Sometimes you can say more with a single image can say more than a few words, especially if you’re on a 280-character limit. Even with Twitter’s expanded quota, some expressions are best shown rather than told. You can already reply to tweets with more than just text but what if you wanted to share the original tweet as well? Well then whip up your phone and begin hunting for the appropriate GIF because now you can include those in retweets, too.
Twitter and GIFs can both be created separately has having given birth to new forms of abbreviated expressions. Twitter’s previous 140 character limit imposed brevity, conciseness, and terrible spelling. While GIFs have excited for ages, they have now become sources of joy and outlets for expressions when mere words aren’t enough to convey your thoughts.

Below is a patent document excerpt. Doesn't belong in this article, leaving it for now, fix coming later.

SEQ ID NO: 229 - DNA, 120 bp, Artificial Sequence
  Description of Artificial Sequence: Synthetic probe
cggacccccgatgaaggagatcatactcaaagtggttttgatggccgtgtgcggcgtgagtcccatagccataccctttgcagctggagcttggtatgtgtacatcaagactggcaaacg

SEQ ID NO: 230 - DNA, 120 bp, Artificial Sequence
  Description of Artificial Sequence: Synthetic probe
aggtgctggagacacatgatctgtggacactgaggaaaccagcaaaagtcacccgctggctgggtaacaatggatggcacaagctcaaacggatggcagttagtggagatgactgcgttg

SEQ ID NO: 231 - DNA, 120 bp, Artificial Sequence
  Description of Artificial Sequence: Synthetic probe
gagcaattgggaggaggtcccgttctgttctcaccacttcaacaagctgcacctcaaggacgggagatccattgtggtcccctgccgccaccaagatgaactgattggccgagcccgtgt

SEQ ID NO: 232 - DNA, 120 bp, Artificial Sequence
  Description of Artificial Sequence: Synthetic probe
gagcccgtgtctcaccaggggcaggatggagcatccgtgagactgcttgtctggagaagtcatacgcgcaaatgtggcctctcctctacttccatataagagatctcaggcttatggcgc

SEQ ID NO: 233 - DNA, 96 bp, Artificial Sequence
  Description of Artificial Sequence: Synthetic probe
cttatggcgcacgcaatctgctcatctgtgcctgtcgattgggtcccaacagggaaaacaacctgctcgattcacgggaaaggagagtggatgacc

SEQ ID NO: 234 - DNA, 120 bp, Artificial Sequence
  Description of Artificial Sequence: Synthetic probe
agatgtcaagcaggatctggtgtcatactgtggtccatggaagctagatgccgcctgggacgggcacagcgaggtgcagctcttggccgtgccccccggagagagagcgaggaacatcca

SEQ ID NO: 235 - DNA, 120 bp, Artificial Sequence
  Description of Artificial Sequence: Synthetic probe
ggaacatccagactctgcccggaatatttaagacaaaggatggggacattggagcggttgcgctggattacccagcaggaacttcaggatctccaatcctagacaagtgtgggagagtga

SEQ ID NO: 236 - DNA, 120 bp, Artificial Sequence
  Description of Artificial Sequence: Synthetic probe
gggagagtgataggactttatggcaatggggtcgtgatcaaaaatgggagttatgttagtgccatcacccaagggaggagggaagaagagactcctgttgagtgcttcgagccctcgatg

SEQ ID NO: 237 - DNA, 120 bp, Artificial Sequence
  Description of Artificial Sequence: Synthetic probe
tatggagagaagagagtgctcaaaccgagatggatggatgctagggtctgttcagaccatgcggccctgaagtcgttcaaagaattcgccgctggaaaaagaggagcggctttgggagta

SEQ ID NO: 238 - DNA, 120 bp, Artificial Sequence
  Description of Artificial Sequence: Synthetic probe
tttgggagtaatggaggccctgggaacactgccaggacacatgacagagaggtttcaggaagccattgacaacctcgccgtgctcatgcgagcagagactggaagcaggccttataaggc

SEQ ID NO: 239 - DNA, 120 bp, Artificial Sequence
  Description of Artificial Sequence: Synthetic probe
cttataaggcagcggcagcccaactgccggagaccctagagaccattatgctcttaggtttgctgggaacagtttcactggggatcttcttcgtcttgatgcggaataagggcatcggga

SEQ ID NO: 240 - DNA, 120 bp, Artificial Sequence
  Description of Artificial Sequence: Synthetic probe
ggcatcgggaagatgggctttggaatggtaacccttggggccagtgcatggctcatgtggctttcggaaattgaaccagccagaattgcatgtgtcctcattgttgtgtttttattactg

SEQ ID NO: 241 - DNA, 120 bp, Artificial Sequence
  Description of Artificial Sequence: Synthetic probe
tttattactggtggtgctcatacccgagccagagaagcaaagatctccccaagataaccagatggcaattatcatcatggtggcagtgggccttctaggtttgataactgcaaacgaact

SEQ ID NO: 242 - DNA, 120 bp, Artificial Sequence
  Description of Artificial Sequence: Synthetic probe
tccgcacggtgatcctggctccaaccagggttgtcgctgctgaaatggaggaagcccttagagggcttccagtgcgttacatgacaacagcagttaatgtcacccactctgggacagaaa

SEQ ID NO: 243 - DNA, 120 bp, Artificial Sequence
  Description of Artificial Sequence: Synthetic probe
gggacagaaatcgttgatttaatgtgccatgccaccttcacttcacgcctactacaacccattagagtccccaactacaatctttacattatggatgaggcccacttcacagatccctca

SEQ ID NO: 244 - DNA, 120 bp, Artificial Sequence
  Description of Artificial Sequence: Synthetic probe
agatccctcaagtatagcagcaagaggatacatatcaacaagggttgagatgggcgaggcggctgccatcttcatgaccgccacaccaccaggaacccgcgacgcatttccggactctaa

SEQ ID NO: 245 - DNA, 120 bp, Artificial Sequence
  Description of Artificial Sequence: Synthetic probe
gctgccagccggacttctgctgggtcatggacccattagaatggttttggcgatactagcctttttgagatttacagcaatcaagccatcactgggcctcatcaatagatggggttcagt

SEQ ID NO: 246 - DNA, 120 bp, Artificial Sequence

Those two have once come together when you reply to tweets, allowing users to share their feelings in style. Or, for more serious cases, including irrefutable proof that someone was wrong on the Internet. Unfortunately, your followers won’t be privy to that.
Now you can spread it around, including the original tweet, by retweeting with a comment and turning that comment into a GIF, a video, or a photo. All of Twitter’s capabilities in uploading such media and searching for the perfect GIF for the occasion are now at your disposal as well.
The only catch? It’s only available on mobile, meaning the iOS app, the Android app, and mobile Twitter in web browsers. Desktop users will have to settle for letters, numbers, and a dozen or so emojis.